Views from the Scord 15.08.08
Society’s Sunday teas
THE SHETLAND Bus Friendship Society is holding teas in the Scalloway Hall on Sunday.
On display during the afternoon there will be a variety of lightsome photo-related competitions including a display of comical photographs, a caption competition and a competition to guess the identity of the people featured in some photographs.
Proceeds for the afternoon will go toward the new Scalloway museum project. The teas begin at 2pm and continue until 4.30pm.
After the summer break the Scalloway Community Council will meet again on Monday.
Anyone with any issues to bring to the community council’s attention should approach a community councillor or address their points via mail or email to the community council clerk or the Scalloway Hall.
Alternatively, go along to the meeting in person. Don’t hesitate to contact your community council – that’s what they are there for.
It was a quiet week in Scalloway Harbour with an absence of the oil-related vessels that have been a prominent feature of late, probably due in some part to the fine weather of the period.
The only large vessels to call in were the survey ship Sea Surveyor and the freight coaster Fame, which returned with salmon feed for the Scalloway store.
The pilot boat Lyrie was engaged in a couple of charters to deliver or retrieve crew from vessels Maersk Advancer and fishing vessel Sandettie.
Fishing vessels in the harbour or landing included the Polaris, Fertile, Good Hope, Comrades, Defiant, Radiant Star, Tranquility and Osprey, with landings bolstered to 1,277 boxes by 402 boxes from the Orkney boat Keila in the week to Friday.
This week saw the last competition of the year for the Scalloway Boating Club angling section.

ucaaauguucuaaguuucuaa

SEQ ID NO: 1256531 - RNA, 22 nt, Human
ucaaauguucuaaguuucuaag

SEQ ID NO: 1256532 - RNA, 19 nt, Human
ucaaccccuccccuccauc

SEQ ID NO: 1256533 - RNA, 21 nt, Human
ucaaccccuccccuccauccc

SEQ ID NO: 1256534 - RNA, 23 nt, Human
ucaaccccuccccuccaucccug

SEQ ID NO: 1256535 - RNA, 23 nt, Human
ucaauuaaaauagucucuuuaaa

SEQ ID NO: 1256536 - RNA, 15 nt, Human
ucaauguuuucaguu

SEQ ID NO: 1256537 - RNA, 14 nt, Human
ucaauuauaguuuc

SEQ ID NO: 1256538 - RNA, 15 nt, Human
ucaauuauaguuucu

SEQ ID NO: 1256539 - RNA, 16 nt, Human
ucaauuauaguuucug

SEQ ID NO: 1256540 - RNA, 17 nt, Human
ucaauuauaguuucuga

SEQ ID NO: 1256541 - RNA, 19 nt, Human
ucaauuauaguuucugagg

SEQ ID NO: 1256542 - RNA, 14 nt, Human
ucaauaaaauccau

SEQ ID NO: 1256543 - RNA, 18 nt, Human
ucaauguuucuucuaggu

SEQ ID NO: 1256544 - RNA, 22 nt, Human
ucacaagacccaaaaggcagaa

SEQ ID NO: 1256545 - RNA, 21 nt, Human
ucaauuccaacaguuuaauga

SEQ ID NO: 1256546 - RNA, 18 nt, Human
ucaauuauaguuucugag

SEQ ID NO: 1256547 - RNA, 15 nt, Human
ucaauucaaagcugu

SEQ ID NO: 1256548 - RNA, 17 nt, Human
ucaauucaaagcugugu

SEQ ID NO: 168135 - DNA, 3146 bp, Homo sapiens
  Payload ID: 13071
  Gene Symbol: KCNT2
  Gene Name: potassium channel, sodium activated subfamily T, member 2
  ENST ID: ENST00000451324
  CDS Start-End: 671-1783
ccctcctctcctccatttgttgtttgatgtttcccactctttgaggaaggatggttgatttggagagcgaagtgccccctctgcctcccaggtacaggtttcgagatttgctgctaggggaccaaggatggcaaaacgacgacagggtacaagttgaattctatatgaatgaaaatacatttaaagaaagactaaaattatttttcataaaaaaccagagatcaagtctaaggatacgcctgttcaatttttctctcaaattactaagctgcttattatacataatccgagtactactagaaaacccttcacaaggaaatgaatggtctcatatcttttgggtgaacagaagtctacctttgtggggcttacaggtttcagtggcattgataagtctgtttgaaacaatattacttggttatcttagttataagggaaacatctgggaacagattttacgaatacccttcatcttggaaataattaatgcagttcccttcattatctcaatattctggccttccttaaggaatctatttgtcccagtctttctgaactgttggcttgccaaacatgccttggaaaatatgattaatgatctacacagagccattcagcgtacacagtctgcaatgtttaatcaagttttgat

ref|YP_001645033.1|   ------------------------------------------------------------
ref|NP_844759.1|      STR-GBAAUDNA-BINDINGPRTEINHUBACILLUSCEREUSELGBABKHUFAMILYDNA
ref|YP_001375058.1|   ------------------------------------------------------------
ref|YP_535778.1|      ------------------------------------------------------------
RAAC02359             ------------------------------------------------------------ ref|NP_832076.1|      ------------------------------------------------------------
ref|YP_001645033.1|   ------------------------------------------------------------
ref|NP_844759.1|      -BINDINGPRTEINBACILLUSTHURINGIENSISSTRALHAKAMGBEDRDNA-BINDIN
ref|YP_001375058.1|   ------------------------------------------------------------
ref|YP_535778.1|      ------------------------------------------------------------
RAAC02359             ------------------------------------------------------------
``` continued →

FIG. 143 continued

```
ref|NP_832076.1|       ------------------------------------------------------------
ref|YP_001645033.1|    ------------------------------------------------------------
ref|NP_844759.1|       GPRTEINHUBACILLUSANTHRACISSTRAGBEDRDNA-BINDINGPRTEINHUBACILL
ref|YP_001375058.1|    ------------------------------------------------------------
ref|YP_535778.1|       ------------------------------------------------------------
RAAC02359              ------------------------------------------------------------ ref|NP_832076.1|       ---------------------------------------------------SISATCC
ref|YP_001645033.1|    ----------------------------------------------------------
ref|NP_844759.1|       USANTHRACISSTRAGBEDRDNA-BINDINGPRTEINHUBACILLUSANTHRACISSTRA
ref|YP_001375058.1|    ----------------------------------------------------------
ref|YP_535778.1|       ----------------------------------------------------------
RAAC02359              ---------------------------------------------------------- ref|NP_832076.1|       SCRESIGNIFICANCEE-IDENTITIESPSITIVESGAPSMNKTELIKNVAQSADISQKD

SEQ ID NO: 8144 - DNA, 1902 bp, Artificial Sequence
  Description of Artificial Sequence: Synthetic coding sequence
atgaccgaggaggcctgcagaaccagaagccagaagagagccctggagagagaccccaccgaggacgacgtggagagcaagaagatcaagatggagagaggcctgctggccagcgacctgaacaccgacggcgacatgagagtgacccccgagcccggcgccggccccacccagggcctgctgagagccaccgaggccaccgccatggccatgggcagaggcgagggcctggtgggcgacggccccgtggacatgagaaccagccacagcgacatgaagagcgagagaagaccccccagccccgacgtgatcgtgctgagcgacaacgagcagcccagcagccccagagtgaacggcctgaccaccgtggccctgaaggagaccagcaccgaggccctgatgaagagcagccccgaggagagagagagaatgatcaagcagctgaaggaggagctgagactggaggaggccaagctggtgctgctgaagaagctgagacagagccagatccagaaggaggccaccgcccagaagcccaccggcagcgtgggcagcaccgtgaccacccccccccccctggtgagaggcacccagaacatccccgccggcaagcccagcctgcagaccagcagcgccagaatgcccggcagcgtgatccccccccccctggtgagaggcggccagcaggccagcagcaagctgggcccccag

A Ling and Tusk competition where only these species count saw 15 anglers take part with 823lb of fish caught.
In the men’s competition Kenny Larenson was victorious with 102.8lb, closely followed by Robert Duthie with 94.8lb and Mark Laurenson with 90.6lb.
Vicky Tyler won the women’s competition with 7.8lb and in the juniors Scott Sandison won with 50lb, Bryan McCaffrey next with 34lb and Liam Fullerton third with 20.8lb.
The heaviest ling taken went to Barry Ward with a prime specimen of 10.2lb while Kenny Laurenson took the heaviest tusk at 4.2lb.
At the other end of the scale the smallest ling went to Mark Laurenson with a tiddler of 7oz with the smallest tusk of the day going to Edgar Cowie at 2.4lb.
The next angling competition from Scalloway will be the Viking Festival in early September. Watch this space for results after the competition.
Meal Beach litter
Local visitors to the Meal Beach in Burra are becoming increasingly concerned and frustrated by the level of littering and particularly broken glass on the beach.
People of the area are having to spend what should be an enjoyable time on sunny days collecting broken glass before they can let children play on the beach in safety. It is thought that the worst offenders are using the beach at night and perhaps not from the immediate area and in highlighting the problem residents hope to raise awareness that someone is having to deal with this dangerous litter and that it is not disappearing of it’s own accord. There have seen to be more people using the beach than ever before this year and as one local source revealed that they had found buried broken glass just below the sand surface, glass on the waters edge where people paddle and glass in the spring that runs onto the beach where young children have always played and explored, all situations that bear unthinkable consequences for toddlers and young bairns. Every countryside user has an obligation to leave the area as they have found it and the point arises that if the offenders found the beach covered in broken glass upon arrival would be unlikely to enjoy the place either. There are bins provided at the roadside above the beach and visitors are asked to place litter in the bins upon leaving. Anyone knowing of people taking glass to the beach is requested to mention the problem and encourage them to consider the small children that play on the beach daily.